Friday, November 28, 2008

Problems With Voting Every Other Month

You know what? I hate interjecting politics of any kind on the blog or in any of my web projects... but I just have to ask for your indulgence just this once... please? I promise I will never bring politics up again... intentionally. We cool? OK. Here We Go...

Another comment on a Montreal Gazette article... this time regarding an 18-year-old college student running for a seat in the Quebec provincial election. The article itself is nothing special, but there's only a couple comments I'd like to comment on, particularly on a couple quotes from the PQ candidate Daniella Johnson-Meneghin, who is surprisingly shocked by the lack of enthusiasm in the current Quebec election. As is the norm, text from the source article are in italics.

"Look at me, look what I'm doing. I'm running for the experience, and to inspire young people."

Yeah, that's nice, dear. It's always good to encourage these young teenagers to use their newfound ability to vote for one of three different flavors of Quebec separatists. Excellent goal indeed.

Though this is the sixth federal, provincial or municipal vote in Montreal in five years - the first-time candidate says she's shocked by the lack of interest.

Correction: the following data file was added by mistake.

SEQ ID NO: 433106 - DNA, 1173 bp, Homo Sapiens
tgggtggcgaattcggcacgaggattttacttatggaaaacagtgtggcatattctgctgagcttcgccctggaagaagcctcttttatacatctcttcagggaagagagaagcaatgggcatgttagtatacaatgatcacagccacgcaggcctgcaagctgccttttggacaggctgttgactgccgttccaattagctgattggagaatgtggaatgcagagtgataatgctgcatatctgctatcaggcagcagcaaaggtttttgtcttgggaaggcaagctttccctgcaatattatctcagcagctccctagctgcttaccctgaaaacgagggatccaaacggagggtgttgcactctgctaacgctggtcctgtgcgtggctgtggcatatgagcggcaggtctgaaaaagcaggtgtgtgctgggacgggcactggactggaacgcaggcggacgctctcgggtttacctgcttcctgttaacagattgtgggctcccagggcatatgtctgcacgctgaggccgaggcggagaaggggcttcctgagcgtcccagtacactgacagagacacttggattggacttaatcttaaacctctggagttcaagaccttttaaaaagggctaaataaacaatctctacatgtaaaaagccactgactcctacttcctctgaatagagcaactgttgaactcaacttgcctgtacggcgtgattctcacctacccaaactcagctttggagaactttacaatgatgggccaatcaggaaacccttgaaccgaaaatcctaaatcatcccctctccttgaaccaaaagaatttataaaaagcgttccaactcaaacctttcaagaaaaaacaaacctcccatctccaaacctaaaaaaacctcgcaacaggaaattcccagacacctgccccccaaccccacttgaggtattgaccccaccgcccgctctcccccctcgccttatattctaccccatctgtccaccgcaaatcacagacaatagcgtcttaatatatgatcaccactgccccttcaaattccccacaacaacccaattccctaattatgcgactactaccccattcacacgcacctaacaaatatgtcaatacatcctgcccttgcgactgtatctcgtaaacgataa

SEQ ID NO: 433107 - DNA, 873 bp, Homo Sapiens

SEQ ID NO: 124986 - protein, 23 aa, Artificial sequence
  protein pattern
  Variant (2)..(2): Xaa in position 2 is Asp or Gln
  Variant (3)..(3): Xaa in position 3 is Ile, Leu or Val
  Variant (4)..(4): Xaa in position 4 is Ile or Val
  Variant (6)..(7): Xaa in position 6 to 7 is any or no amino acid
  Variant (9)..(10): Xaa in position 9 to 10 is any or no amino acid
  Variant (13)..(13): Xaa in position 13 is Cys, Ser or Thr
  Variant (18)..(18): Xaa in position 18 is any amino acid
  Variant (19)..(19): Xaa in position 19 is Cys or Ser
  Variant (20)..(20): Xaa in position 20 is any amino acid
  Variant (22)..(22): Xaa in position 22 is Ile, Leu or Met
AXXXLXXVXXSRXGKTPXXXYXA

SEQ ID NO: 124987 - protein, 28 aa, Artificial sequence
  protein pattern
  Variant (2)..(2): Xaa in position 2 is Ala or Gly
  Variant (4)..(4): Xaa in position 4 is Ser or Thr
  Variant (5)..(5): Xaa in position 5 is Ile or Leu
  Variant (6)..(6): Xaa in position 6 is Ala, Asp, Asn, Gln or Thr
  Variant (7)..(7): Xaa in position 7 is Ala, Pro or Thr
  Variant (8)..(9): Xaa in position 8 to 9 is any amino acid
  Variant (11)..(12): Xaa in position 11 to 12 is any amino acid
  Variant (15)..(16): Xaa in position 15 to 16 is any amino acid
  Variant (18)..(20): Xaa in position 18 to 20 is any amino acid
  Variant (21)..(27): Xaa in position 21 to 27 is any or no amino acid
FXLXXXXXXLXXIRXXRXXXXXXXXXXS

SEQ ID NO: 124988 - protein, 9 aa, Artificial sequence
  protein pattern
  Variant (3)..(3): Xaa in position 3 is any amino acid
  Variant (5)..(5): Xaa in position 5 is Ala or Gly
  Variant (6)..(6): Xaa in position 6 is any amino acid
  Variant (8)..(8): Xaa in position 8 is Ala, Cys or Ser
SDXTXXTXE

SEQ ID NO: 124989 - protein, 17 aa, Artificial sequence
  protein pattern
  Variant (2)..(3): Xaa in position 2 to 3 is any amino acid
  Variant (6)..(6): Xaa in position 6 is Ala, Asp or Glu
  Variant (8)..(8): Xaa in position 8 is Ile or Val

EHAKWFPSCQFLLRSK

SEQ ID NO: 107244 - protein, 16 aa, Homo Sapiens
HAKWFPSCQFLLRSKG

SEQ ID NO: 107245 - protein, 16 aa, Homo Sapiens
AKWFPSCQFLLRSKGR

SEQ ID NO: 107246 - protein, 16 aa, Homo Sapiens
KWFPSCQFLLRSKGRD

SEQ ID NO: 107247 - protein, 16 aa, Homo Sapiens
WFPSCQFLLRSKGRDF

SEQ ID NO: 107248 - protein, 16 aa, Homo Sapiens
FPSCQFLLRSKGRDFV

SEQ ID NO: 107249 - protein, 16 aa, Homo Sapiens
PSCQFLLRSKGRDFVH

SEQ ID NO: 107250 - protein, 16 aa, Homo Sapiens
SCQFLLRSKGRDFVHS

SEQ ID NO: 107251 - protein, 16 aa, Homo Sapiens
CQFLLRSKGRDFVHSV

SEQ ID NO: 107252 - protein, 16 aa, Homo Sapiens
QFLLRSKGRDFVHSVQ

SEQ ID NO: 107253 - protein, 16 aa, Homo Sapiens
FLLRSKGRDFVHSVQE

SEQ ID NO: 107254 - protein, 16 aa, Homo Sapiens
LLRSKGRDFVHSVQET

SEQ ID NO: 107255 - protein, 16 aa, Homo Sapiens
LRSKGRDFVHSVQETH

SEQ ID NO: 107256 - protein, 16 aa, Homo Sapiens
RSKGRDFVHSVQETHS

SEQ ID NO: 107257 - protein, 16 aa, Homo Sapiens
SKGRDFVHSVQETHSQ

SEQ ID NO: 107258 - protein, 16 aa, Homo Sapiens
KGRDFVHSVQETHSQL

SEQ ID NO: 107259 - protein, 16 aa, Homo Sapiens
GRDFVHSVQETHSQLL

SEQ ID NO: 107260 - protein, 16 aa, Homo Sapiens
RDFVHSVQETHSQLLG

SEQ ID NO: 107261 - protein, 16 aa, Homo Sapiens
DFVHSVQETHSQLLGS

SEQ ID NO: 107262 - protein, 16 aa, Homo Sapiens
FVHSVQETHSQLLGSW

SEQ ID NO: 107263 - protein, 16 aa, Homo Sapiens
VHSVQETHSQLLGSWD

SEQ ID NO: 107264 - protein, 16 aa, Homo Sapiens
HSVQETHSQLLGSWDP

O RLY?... I don't have a fucking owl, let's move on.

"Is it that much of a burden to go to vote?" she asks the cynics.

One of the cynics - the one writing this very blog - replies with a bewildered tone, "Um... for the second time in two months? Um, er... YES"

"There are so many countries that would wish to have democracies like ours," Johnson-Meneghini tells them. "And we complain about that?"

Yes, they would be happy to have democracies like ours... but they'd be better off having democracies like the Americans, who only have two significant parties and as such only have elections every four years... much better system overall and also more consistant.

The article does make a note that Johnson-Meneghini's motherland of Argentina makes voting a compulsary passage... which means that their system is more stable and most people who don't have a viable choice to vote for usually spoil their vote - another equally powerful message to the candidates.

Of course, the plucky candidate points out some significant results that voting will get you.

"Look at the ADQ; nobody ever thought they would end up with 41 seats (in the last election)."

And after this election, the ADQ will be lucky enough to hold on to one seat, if any.

"And look at (U.S. President-elect) Barack Obama."

Yes... let's look at the half-black president elect who had TWO YEARS to campaign for one election... and who had the incredible advantage of not being in the same political party as BUSH.

"This is change that nobody thought would happen, but did because people went out to vote and they changed history."